The server devices 32-38, which are the sources of transmissions for the various mobile stations 42-48, adjust their transmission rates responsive to the corresponding reported allocation. In this example, each server device receives a report indicating the window size allocation available to the intended recipient of its transmissions and controls its transmission rate accordingly. This approach minimizes congestion at the router device 22.
In one example, the total congestion window size is based on a measured buffer occupancy at the router device 22. Using a measured queue length or buffer occupancy level is useful for avoiding a more complicated input-output rate measurement, for example.
In one example, the total congestion window size is determined using the following equation
wherein W(n) is the total congestion window size, B is a targeted buffer occupancy level at the router device 22, Q(n) is the measured buffer occupancy level at a time n, Q(n−1) is the measured buffer occupancy level at a previous time n−1, and α and β are tuning parameters.
In one example, the targeted buffer occupancy level is equal to the average bandwidth-delay product of the wireless link and a Drop tail policy is used.
By recognizing a situation where the router device 22 is receiving transmissions on the wired connection 30 at a faster rate than the router device is sending transmissions on the wireless links 40 (i.e., there is congestion at the router device 22), the buffer occupancy can be controlled to maintain stability. In the above equation, whenever the measured occupancy Q is higher than it was previously (i.e., Q(n)>Q(n−1)), the last term becomes negative, which serves to reduce the total congestion window size.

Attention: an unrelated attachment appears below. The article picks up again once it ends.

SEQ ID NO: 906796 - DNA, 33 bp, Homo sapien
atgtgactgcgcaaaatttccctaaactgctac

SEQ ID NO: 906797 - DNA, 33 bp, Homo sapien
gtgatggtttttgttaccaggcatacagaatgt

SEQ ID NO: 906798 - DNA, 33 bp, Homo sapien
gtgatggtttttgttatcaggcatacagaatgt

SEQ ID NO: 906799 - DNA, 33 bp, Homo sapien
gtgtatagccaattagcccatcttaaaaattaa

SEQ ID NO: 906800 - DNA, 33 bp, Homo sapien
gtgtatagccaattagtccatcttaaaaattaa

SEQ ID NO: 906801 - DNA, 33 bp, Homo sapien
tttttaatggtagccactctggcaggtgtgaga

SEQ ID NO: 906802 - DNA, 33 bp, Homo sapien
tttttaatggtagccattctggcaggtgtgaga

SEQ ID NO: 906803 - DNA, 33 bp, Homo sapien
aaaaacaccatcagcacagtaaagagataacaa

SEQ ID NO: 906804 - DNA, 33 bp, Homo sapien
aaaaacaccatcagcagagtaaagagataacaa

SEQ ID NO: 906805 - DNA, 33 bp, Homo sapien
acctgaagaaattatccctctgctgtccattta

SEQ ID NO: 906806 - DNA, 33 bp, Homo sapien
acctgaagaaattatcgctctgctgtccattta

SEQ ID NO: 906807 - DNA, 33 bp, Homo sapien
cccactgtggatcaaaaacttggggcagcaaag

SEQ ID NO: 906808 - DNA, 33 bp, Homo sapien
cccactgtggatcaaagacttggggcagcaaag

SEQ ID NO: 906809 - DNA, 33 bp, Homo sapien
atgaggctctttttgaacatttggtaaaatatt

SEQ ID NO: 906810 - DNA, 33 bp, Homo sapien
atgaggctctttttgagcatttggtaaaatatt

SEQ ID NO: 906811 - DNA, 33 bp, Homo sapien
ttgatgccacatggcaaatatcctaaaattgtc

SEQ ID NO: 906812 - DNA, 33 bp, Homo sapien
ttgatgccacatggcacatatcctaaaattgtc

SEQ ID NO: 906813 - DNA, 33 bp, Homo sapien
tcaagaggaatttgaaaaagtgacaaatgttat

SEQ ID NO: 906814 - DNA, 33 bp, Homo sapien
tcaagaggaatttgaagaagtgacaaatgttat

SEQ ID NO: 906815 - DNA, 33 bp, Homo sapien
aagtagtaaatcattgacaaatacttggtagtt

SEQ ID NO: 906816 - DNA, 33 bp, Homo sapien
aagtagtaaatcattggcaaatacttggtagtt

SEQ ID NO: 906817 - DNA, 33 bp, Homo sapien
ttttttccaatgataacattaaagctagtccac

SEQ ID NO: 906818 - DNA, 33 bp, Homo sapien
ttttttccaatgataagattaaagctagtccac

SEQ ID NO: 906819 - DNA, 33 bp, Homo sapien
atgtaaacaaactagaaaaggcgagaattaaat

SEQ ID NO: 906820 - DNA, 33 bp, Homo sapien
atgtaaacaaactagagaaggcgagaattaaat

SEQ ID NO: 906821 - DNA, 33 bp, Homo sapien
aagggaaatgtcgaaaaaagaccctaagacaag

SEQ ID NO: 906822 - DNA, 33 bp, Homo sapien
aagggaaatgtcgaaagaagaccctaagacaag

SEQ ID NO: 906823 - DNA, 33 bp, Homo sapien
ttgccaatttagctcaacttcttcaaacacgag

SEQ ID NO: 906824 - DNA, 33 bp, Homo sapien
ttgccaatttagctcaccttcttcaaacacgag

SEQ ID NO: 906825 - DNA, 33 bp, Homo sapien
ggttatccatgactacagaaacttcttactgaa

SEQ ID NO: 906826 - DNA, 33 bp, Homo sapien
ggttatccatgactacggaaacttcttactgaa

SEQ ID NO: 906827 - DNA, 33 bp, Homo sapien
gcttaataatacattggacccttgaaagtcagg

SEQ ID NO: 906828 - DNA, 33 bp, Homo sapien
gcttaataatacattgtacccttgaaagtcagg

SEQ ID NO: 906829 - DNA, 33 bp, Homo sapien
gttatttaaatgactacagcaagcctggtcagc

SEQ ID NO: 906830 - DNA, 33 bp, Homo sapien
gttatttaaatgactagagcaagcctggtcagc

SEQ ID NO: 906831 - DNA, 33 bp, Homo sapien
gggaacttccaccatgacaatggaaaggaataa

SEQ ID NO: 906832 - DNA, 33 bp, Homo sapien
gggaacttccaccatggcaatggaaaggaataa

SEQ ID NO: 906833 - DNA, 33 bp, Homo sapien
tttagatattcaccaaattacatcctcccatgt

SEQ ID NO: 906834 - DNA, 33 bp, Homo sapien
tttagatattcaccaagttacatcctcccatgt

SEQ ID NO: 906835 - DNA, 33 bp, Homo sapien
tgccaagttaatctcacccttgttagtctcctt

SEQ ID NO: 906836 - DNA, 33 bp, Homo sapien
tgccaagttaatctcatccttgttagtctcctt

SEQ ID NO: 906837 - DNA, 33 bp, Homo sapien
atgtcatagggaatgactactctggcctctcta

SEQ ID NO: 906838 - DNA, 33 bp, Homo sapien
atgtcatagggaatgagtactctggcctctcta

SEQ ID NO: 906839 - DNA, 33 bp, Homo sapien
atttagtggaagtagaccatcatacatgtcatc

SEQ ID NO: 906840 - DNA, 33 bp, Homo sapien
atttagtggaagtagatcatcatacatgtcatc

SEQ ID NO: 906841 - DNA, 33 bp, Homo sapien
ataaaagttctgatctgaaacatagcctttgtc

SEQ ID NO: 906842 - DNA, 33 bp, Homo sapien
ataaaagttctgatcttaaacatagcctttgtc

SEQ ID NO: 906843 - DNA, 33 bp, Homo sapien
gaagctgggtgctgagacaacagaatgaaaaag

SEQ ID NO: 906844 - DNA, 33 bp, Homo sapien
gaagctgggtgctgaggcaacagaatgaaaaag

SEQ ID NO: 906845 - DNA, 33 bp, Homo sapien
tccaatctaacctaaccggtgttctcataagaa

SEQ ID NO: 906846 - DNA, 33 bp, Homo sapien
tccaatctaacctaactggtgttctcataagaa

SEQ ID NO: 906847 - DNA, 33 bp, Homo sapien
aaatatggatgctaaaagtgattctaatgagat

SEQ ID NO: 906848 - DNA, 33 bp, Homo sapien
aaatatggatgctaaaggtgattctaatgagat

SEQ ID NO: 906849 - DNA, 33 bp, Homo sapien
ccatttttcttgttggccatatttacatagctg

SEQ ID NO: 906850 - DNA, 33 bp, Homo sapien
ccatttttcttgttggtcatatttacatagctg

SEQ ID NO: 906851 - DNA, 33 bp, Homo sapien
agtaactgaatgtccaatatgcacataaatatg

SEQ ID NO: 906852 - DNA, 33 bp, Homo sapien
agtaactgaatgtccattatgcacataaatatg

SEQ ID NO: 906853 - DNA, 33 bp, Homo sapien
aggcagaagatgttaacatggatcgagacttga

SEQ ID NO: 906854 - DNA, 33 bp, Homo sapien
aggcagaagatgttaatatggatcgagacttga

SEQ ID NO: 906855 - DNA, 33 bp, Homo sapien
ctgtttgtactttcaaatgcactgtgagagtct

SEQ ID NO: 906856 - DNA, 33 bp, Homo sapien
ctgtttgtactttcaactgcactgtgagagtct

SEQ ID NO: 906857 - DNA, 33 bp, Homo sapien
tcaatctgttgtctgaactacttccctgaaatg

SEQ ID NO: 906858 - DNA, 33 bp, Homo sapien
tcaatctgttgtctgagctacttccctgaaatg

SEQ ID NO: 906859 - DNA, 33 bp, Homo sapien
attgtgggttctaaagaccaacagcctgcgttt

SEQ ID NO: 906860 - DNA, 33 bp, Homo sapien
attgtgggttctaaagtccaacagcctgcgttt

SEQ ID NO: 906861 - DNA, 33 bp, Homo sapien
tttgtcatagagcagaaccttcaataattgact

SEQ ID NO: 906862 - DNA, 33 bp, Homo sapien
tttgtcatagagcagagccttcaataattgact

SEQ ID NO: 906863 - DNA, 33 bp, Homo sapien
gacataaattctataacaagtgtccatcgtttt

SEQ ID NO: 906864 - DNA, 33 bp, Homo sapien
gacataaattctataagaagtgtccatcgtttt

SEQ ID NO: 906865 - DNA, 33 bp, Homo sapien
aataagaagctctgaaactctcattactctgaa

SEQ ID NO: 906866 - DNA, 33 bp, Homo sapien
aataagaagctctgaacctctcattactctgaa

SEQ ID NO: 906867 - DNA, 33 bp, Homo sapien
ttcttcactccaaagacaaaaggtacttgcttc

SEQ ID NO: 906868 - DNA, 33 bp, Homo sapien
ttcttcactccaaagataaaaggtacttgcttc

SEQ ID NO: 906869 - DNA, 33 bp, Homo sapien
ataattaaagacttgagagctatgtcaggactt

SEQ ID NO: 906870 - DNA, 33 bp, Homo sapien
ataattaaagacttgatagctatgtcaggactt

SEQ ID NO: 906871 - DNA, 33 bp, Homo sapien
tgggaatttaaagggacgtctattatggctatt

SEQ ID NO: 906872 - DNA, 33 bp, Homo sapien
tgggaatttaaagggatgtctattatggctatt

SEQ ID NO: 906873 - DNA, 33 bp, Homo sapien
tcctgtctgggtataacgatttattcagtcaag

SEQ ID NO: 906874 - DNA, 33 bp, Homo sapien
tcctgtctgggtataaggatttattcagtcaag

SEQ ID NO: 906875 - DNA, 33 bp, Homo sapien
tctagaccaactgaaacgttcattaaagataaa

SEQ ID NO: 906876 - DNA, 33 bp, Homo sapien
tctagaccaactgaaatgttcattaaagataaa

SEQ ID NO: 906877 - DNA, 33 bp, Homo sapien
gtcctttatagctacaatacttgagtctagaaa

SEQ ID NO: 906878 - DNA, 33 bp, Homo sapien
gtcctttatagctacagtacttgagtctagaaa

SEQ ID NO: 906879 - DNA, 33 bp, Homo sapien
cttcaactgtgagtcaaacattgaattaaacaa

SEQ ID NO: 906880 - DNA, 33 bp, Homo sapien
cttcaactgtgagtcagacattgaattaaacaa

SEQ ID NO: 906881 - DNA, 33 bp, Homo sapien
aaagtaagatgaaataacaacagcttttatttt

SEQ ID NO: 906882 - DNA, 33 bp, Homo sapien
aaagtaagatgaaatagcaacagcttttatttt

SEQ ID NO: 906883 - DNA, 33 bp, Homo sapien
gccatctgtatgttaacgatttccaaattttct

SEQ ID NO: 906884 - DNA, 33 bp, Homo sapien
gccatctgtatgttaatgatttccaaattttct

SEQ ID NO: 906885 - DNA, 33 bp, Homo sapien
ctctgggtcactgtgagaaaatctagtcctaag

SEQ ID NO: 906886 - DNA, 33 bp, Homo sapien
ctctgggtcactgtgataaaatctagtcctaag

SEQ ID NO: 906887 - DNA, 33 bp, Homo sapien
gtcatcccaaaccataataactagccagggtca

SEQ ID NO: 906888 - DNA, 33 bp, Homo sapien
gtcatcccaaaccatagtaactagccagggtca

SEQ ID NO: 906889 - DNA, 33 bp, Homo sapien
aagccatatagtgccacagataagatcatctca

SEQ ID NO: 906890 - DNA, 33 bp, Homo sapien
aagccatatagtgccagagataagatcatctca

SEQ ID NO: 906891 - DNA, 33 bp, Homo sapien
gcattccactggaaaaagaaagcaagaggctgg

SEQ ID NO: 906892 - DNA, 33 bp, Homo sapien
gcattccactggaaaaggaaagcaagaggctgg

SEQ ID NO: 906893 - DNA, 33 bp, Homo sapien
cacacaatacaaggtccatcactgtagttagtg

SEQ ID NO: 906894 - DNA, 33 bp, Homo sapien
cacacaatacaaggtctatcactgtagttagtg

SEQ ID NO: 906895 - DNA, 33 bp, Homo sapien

Choosing the tuning parameters allows for ensuring system stability. For example, choosing the tuning parameters to ensure that the poles of the transfer function locate in the left side of the complex s-plane where the transfer function is
An update rate for updating the total congestion window size in one example is determined based on an average round trip time for TCP packets on the wireless links between the router device 22 and the mobile stations 42-48. For example, the update interval is equal to the difference in time between the times n and n−1 above.